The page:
Bangladesh – 26 October 2018

Rohingya refugee girls face child-trafficking threat

High levels of poverty and unemployment amongst Rohingya families at the Cox’s Bazar refugee settlement in Bangladesh has exposed young girls to increased risks of child-trafficking, the UN migration agency has confirmed.

The lack of employment opportunities near the camp, particularly for women and girls, is pushing desperate families to allow children to work far from their protection. Girls often find themselves sold into forced-labour or the victims of abuse when promised wages and benefits fail to materialise.

Girls from the displaced Rohingya community are at increased risk of exploitation due to the psychological trauma of their forced exodus from Myanmar and by a lack of education. Long-term discrimination against the Rohingya community in Myanmar has limited the educational opportunities available to girls.

SOS Children’s Villages operates five child-friendly spaces in Cox’s Bazar offering Rohingya children a safe place to play and receive psychosocial care. The charity’s teachers, social workers and trauma counsellors are providing 300 children each day with access to informal education, healthcare, trauma counselling and malnutrition prevention.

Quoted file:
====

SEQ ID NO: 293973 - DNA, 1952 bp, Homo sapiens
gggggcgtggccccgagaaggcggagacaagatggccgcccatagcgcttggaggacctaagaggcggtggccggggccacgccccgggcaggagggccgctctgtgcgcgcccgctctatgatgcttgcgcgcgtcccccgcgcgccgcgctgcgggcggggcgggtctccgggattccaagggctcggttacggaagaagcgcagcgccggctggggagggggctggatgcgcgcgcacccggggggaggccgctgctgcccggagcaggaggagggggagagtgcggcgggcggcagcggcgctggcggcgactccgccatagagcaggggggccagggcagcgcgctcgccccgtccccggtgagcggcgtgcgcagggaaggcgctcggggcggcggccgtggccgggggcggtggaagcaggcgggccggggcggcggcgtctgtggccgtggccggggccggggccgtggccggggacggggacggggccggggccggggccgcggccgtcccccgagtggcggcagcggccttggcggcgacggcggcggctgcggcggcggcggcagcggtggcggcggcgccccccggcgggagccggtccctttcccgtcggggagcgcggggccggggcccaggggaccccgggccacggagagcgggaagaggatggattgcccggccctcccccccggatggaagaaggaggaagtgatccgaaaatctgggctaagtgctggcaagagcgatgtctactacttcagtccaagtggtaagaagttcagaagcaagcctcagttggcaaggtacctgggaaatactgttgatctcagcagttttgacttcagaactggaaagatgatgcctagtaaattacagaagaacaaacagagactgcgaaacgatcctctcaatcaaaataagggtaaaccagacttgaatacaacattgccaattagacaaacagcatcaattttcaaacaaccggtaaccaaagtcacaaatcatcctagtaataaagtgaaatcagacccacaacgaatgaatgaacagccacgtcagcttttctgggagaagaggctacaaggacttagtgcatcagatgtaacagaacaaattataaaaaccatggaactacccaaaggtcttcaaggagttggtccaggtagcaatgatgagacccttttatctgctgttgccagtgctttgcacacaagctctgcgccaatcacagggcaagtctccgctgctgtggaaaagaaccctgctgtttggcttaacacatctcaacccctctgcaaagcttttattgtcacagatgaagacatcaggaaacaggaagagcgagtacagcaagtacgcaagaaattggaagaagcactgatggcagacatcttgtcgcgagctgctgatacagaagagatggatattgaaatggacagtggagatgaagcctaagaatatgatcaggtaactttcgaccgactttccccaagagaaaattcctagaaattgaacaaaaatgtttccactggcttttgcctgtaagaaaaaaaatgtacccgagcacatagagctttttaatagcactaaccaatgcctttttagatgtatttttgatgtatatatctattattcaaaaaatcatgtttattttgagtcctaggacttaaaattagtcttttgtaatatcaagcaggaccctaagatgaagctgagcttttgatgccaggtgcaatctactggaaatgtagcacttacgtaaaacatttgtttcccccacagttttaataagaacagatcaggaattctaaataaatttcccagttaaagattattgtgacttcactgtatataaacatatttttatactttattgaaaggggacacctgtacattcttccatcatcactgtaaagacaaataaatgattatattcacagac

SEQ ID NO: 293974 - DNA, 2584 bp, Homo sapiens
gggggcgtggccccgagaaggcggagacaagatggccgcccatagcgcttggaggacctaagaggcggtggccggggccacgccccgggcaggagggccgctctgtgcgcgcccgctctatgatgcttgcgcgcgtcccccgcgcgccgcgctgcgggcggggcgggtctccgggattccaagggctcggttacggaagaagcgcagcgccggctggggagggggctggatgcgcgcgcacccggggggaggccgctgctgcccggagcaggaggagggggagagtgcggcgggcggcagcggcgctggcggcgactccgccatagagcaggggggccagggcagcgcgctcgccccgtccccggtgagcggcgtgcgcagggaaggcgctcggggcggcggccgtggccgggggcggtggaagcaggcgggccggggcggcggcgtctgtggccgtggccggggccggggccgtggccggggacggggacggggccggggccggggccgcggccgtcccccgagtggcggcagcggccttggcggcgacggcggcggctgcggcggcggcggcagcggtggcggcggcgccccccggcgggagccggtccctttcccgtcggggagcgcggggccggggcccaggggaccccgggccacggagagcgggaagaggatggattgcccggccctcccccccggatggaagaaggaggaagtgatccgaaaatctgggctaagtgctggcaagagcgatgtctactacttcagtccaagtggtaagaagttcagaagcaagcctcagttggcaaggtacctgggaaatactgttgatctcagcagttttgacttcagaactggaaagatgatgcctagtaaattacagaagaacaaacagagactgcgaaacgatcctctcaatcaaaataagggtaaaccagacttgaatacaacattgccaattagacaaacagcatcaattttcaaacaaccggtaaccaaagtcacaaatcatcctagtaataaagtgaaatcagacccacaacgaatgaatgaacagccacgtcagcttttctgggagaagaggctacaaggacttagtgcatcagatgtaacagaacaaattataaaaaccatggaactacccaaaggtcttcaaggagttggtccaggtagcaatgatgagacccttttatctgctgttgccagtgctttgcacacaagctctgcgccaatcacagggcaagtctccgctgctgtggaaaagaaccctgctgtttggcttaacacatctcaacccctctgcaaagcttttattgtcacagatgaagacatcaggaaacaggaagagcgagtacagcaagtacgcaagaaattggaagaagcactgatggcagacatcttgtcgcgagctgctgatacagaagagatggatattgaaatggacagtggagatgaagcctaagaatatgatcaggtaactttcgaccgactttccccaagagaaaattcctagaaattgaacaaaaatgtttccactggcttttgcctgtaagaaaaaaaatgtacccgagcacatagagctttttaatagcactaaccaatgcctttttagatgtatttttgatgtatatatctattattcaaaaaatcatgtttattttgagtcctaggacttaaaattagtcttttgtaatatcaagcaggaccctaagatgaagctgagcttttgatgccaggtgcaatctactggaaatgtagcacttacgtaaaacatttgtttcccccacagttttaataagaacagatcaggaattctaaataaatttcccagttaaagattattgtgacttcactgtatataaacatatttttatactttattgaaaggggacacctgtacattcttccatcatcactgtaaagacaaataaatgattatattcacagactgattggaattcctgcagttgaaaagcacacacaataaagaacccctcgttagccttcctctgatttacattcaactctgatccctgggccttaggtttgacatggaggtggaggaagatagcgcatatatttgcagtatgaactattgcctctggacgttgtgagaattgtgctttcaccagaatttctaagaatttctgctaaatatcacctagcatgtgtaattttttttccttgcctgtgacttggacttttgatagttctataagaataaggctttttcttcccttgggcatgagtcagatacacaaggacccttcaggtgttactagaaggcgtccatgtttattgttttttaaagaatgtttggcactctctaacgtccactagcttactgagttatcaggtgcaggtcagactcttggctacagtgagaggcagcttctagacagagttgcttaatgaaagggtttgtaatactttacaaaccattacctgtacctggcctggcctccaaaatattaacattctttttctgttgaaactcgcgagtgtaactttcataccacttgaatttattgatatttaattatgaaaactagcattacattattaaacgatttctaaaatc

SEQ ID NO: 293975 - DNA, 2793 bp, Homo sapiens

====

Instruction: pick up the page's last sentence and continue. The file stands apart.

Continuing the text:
SOS Children’s Villages UK CEO Alison Wallace said: “We are deeply concerned for the safety of children at the Cox’s Bazar refugee camp. A year after being violently forced from their homes Rohingya children continue to live in poverty without access to the health, social or educational services that are integral to their development and safety.

“With no hope in sight for a safe return to Myanmar it is imperative we offer children from the Rohingya community the opportunities they need to build themselves a safe and stable future. Education is key – as is emotional support and trauma counselling to help children come to terms with the upheaval, bereavement and violence they have experienced.”

Almost one million people from the persecuted Rohingya minority group have fled into Bangladesh since August 2017, escaping violent attacks by the military. More than half of the refugees are children and at least 40,000 of them are unaccompanied after losing or being separated from their parents.

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Notes to editors:
For media enquiries please contact Lucy Prioli at Lucy.Prioli@sosuk.org or on 01223 222 974.